I'm a logical thinker, which is both strength and weakness. With regard to financial markets, logical thinking has helped me make more good decisions than bad. Where my logic is challenged is when faced with an irrational crowd: I have to minimize my ego that wants to ignore herd behavior and remember that the crowd is "right" more than it is wrong, at least with regard to the movement of financial markets. Perhaps better wording is that the crowd dictates the movement of asset prices; irrationality (psychology) is at times more a factor than actual economic conditions.
"Histories make men wise; poets, witty; the mathematics, subtle; natural philosophy, deep; moral, grave; logic and rhetoric, able to contend." Sir Francis Bacon
The logical thinker, in the case of the current financial crisis, will look to history, not as a basis from which to make a decision, but as a place to begin the thought process. The reasoning is that crowd irrationality will at times become so far removed from reality that a logical, rational investor can do quite well to recognize disconnects in stock price movement. The challenge, of course, is to guess how long the "disconnects" will last.
Here are some historical averages, thanks to a weekly newsletter that Fidelity sends to investment advisors, that may not predict the future but perhaps may give the rational, logical investor some perspective on market "corrections."
- Average Frequency of Market Corrections: 5% corrections occur 3 times per year, 10% corrections once per year, and 20% declines occur once every 3.5 years.
- This is the first 10%+ correction of the year.
- The market is 11.3% off its recent peak and 12% off its cycle peak
- Can we go down further? Yes, but big corrections (>12%) are normally associated with recessions or markets that are overvalued.
- The debt ceiling crisis has passed.
- 75% of companies beat earnings estimates.
- Oil is back under $90.
- Car sales are up 5.8% year over year.
- Signals from the bond market: Credit spreads are currently holding in well and all recessions have been preceeded by a flattening of the yield curve (relation between the interest rate and the time to maturity of the debt for a given borrower), which is not currently the case.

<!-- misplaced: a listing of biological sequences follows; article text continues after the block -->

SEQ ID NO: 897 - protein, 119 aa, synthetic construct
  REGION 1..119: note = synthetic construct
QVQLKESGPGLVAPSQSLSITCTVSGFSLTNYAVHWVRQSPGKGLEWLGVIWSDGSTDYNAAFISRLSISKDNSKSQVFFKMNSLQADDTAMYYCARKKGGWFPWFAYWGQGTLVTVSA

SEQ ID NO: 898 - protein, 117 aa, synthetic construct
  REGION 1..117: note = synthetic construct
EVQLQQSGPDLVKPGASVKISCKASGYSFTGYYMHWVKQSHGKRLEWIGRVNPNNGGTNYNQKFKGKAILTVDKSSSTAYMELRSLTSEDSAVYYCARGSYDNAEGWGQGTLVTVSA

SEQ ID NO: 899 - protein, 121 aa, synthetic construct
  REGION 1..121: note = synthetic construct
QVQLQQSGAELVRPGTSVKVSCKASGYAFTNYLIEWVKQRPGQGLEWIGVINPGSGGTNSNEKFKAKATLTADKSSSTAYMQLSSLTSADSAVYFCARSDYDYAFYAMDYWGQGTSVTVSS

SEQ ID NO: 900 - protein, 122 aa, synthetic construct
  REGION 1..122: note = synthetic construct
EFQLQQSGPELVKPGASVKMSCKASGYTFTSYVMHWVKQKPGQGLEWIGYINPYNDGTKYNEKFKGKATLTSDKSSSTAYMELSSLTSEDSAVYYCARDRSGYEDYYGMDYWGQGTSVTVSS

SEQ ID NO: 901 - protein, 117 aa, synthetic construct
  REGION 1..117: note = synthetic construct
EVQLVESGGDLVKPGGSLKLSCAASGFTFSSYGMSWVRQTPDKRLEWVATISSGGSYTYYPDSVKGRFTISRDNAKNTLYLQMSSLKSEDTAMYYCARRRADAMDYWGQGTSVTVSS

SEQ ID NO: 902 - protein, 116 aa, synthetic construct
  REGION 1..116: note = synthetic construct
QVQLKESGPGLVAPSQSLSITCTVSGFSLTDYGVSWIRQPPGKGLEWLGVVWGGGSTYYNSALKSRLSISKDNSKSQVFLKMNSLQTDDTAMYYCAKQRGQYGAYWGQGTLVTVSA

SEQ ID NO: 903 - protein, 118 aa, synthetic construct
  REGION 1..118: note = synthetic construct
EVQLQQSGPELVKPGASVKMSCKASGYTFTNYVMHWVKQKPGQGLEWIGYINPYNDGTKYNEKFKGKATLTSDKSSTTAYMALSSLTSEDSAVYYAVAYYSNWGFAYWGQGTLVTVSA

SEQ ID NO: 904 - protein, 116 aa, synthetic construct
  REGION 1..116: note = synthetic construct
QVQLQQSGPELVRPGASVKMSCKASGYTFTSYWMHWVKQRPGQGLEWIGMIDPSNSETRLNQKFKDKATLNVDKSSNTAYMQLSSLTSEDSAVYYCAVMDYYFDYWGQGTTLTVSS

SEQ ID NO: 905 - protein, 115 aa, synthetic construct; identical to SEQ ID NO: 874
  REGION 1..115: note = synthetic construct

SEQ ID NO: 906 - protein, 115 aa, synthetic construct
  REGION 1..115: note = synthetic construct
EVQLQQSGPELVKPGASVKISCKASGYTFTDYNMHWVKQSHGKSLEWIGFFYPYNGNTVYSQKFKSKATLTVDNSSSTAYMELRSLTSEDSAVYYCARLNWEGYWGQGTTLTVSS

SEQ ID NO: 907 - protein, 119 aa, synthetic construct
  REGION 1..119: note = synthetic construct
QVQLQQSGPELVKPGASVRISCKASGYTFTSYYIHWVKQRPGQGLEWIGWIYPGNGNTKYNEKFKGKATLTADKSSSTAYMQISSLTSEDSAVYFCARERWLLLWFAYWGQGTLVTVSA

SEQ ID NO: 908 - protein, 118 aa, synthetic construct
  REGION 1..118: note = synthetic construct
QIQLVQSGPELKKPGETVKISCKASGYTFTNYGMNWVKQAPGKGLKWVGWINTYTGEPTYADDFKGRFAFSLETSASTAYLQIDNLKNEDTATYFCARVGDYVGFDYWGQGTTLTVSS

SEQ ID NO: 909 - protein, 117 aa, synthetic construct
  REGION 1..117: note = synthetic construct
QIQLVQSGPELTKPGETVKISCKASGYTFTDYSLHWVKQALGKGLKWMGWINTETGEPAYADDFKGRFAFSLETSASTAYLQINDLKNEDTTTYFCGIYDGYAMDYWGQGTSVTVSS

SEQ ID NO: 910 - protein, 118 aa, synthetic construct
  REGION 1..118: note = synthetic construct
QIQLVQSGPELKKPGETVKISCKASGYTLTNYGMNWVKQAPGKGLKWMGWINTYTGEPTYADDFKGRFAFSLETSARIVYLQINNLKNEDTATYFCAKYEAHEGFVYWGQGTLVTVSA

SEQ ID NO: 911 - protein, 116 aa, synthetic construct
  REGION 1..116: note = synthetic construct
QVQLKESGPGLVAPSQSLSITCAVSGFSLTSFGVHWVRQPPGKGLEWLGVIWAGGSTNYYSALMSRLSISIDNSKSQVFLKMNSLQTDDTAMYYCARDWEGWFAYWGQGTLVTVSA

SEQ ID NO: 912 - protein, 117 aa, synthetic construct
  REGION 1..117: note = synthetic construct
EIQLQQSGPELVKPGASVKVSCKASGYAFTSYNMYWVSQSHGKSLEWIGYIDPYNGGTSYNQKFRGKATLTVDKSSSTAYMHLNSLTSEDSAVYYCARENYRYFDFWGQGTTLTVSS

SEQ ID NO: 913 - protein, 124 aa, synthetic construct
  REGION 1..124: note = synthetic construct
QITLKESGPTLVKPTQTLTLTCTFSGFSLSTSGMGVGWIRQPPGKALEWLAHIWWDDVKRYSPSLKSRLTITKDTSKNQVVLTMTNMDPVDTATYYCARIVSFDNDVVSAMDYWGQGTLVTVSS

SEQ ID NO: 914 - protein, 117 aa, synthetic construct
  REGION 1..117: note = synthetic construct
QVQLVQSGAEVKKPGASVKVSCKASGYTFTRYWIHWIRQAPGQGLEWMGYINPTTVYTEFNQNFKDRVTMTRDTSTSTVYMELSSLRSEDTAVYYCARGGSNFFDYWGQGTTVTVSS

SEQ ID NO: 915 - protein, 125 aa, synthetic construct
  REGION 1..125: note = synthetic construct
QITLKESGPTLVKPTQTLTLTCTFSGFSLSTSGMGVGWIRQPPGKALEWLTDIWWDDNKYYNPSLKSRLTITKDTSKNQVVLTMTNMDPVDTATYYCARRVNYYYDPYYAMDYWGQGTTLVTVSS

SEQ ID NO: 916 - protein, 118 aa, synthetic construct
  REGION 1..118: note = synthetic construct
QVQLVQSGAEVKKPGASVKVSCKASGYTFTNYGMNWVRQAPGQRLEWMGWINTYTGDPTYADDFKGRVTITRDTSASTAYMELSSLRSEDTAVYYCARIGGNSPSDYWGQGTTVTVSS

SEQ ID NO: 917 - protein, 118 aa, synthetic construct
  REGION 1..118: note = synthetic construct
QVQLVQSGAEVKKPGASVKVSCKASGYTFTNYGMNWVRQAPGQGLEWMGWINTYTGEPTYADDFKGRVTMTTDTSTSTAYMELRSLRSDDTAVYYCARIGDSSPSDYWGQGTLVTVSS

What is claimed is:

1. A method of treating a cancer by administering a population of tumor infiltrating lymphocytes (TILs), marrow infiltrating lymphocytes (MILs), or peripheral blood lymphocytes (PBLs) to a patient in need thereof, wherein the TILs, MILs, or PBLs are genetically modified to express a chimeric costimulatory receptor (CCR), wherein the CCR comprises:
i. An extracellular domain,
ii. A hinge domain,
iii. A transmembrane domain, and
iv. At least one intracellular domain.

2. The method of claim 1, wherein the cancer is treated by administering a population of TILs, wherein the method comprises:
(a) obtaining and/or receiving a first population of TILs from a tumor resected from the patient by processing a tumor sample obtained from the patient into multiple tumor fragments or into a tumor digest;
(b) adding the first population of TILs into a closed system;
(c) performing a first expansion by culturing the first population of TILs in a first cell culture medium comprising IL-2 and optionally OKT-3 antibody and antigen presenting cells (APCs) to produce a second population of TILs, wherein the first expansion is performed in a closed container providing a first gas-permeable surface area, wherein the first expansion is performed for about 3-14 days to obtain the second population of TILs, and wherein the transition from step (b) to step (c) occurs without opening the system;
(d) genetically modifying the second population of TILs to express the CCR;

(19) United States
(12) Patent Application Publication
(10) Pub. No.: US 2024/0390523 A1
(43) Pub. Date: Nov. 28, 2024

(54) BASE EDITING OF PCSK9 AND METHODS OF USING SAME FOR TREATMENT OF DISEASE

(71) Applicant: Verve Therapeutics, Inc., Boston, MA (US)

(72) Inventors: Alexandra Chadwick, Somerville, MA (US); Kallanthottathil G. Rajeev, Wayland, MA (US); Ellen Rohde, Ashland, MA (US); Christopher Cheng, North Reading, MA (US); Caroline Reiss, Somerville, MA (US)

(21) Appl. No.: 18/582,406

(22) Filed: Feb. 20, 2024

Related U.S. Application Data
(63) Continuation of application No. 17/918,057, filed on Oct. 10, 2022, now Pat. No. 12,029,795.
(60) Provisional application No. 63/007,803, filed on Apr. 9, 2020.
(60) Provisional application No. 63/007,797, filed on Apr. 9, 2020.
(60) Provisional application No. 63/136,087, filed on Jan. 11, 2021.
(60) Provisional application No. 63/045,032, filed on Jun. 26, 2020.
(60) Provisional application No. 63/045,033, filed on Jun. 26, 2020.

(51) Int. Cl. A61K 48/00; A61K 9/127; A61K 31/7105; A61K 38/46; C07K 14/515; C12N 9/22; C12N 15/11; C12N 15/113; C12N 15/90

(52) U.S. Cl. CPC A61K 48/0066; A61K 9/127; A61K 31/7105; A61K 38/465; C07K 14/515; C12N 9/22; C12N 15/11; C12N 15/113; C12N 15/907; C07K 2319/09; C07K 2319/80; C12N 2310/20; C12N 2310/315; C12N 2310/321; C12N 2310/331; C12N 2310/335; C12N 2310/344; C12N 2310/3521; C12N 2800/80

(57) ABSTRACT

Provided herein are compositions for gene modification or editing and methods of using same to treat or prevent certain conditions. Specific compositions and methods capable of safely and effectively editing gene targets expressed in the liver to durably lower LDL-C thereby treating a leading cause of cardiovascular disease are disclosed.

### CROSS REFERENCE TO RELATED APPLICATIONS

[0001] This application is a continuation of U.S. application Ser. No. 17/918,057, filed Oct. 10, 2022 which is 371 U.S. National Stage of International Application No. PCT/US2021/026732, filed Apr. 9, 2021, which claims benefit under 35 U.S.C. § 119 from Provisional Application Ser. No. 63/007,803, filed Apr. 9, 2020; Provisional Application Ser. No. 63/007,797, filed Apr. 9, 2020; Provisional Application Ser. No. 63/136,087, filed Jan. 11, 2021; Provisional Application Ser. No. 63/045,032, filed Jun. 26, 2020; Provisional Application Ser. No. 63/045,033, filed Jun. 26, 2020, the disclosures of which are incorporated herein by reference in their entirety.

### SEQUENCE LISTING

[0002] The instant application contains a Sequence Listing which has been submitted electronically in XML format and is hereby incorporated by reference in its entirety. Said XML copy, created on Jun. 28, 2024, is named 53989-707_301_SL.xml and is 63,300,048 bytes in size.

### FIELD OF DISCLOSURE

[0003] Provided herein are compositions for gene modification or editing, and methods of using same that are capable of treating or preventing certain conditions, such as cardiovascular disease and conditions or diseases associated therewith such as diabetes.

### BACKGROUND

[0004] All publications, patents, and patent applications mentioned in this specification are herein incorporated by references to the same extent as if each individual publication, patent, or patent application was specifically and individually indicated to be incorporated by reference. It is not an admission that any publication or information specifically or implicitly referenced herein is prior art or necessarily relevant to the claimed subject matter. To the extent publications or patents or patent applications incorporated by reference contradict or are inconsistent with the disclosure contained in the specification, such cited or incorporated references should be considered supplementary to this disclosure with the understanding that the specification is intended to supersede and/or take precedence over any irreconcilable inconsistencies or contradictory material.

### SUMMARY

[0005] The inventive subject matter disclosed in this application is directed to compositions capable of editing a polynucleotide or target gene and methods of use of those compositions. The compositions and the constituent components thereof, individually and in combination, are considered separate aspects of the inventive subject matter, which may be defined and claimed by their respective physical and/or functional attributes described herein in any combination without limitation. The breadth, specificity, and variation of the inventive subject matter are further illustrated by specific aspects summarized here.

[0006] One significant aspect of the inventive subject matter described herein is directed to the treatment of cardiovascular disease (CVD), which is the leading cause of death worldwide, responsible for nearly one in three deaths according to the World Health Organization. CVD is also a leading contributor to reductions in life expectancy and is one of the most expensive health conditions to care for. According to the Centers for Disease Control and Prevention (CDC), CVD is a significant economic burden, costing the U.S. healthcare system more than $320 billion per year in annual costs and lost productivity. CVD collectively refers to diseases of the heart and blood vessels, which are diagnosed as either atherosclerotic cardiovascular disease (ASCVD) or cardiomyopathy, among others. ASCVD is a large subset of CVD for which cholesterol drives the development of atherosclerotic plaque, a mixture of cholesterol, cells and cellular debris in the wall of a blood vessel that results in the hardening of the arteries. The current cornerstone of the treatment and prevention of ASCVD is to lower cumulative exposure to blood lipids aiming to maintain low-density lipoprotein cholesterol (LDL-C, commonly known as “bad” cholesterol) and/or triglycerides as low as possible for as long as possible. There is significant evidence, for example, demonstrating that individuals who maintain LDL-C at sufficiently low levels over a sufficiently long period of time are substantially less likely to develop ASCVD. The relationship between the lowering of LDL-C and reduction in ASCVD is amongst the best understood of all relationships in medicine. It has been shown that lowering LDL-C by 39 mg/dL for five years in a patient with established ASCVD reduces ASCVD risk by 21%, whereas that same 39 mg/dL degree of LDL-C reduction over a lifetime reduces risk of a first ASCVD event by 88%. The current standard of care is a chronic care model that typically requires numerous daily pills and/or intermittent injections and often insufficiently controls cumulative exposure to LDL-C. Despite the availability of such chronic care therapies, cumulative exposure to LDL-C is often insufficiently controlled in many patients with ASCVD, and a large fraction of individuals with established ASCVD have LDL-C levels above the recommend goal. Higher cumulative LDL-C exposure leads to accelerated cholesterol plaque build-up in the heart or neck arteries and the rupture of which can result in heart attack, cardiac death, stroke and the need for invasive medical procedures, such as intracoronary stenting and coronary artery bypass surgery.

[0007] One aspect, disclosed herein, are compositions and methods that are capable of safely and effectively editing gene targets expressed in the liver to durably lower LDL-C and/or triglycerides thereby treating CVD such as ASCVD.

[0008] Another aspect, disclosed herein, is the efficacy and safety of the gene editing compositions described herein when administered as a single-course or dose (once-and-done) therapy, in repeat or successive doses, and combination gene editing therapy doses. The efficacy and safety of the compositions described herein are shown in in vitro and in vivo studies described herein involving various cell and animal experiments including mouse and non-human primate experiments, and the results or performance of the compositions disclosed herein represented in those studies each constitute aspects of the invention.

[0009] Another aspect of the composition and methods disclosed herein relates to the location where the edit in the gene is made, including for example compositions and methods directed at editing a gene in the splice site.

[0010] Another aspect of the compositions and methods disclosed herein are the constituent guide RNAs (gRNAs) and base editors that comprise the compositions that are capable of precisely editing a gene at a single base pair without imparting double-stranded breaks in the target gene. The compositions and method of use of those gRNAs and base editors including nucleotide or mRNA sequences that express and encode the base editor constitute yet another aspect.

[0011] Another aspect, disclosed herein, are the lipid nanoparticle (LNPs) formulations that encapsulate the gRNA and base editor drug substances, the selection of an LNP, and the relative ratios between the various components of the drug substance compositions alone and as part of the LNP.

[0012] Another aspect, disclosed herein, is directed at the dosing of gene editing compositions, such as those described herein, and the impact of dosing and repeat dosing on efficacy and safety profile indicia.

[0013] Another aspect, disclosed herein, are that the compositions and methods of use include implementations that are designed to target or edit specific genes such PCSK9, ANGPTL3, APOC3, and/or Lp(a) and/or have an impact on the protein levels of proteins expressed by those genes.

For added perspective, this information came from a source (Fidelity) that has an incentive to incourage investors to put money back into the market. The key takeaway from this is that investors, reflected by current stock prices, are "anticipating" recession. If the crowd is "right" we will re-enter recession. If investors begin to see evidence that the US economy will avoid recession, stock prices will climb again.
In summary, irrational behavior can create the event that was initially not "real"--a self-fulfilling prophecy. This is where neither logic nor emotion are useful for decisions; it is perhaps a time for another imperfect decision source--intuition.
"Those who have knowledge, don't predict. Those who predict, don't have knowledge." ~ Lau Tzu
My intuitive thought is that this is a severe but short-term correction. With that said, however, I am mostly a passive investor; I believe the best reaction in extreme conditions is no reaction at all. Therefore, I never make predictions. The best decisions are made in the planning stages prior to the emotional event.
What are your thoughts now? Is this a short-term and classic case of crowd irrationality compounded by a fast-moving and ever-present media? Is crowd behavior creating a self-fulfilling prophecy (e.g. falling stock prices worsens consumer spending, which harms the economy)? What are you doing now?
Related: The Rhyme of Irrationality